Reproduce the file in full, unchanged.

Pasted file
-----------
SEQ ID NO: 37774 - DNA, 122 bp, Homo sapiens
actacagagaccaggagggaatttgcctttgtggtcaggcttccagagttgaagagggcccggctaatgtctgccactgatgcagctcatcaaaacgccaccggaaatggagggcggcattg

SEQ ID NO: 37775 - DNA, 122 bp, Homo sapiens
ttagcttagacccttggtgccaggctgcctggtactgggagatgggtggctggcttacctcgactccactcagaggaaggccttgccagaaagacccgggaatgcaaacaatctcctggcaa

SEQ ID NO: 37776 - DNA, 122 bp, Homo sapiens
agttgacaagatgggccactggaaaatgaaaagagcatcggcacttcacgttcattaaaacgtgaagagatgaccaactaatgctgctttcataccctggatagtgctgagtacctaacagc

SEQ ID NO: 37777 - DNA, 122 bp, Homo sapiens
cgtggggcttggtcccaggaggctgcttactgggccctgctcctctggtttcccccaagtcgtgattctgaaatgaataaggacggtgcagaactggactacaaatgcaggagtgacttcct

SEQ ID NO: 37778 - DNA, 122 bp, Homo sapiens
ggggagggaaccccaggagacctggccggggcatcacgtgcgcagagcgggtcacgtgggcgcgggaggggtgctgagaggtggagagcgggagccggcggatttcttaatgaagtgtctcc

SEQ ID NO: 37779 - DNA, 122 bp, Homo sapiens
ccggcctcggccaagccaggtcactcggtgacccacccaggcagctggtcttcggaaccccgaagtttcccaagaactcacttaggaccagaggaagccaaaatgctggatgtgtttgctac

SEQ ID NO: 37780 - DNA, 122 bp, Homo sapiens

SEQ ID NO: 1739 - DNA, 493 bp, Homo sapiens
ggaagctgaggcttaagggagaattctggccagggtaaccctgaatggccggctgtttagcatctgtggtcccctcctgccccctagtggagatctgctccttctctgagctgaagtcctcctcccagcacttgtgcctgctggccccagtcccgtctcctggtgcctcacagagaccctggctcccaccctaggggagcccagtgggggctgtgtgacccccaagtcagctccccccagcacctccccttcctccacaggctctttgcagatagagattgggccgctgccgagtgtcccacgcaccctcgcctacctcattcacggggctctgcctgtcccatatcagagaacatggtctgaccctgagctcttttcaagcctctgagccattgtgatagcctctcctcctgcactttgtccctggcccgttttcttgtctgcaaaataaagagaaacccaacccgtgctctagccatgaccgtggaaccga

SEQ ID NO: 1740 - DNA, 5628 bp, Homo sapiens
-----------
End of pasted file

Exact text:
SEQ ID NO: 37774 - DNA, 122 bp, Homo sapiens
actacagagaccaggagggaatttgcctttgtggtcaggcttccagagttgaagagggcccggctaatgtctgccactgatgcagctcatcaaaacgccaccggaaatggagggcggcattg

SEQ ID NO: 37775 - DNA, 122 bp, Homo sapiens
ttagcttagacccttggtgccaggctgcctggtactgggagatgggtggctggcttacctcgactccactcagaggaaggccttgccagaaagacccgggaatgcaaacaatctcctggcaa

SEQ ID NO: 37776 - DNA, 122 bp, Homo sapiens
agttgacaagatgggccactggaaaatgaaaagagcatcggcacttcacgttcattaaaacgtgaagagatgaccaactaatgctgctttcataccctggatagtgctgagtacctaacagc

SEQ ID NO: 37777 - DNA, 122 bp, Homo sapiens
cgtggggcttggtcccaggaggctgcttactgggccctgctcctctggtttcccccaagtcgtgattctgaaatgaataaggacggtgcagaactggactacaaatgcaggagtgacttcct

SEQ ID NO: 37778 - DNA, 122 bp, Homo sapiens
ggggagggaaccccaggagacctggccggggcatcacgtgcgcagagcgggtcacgtgggcgcgggaggggtgctgagaggtggagagcgggagccggcggatttcttaatgaagtgtctcc

SEQ ID NO: 37779 - DNA, 122 bp, Homo sapiens
ccggcctcggccaagccaggtcactcggtgacccacccaggcagctggtcttcggaaccccgaagtttcccaagaactcacttaggaccagaggaagccaaaatgctggatgtgtttgctac

SEQ ID NO: 37780 - DNA, 122 bp, Homo sapiens

SEQ ID NO: 1739 - DNA, 493 bp, Homo sapiens
ggaagctgaggcttaagggagaattctggccagggtaaccctgaatggccggctgtttagcatctgtggtcccctcctgccccctagtggagatctgctccttctctgagctgaagtcctcctcccagcacttgtgcctgctggccccagtcccgtctcctggtgcctcacagagaccctggctcccaccctaggggagcccagtgggggctgtgtgacccccaagtcagctccccccagcacctccccttcctccacaggctctttgcagatagagattgggccgctgccgagtgtcccacgcaccctcgcctacctcattcacggggctctgcctgtcccatatcagagaacatggtctgaccctgagctcttttcaagcctctgagccattgtgatagcctctcctcctgcactttgtccctggcccgttttcttgtctgcaaaataaagagaaacccaacccgtgctctagccatgaccgtggaaccga

SEQ ID NO: 1740 - DNA, 5628 bp, Homo sapiens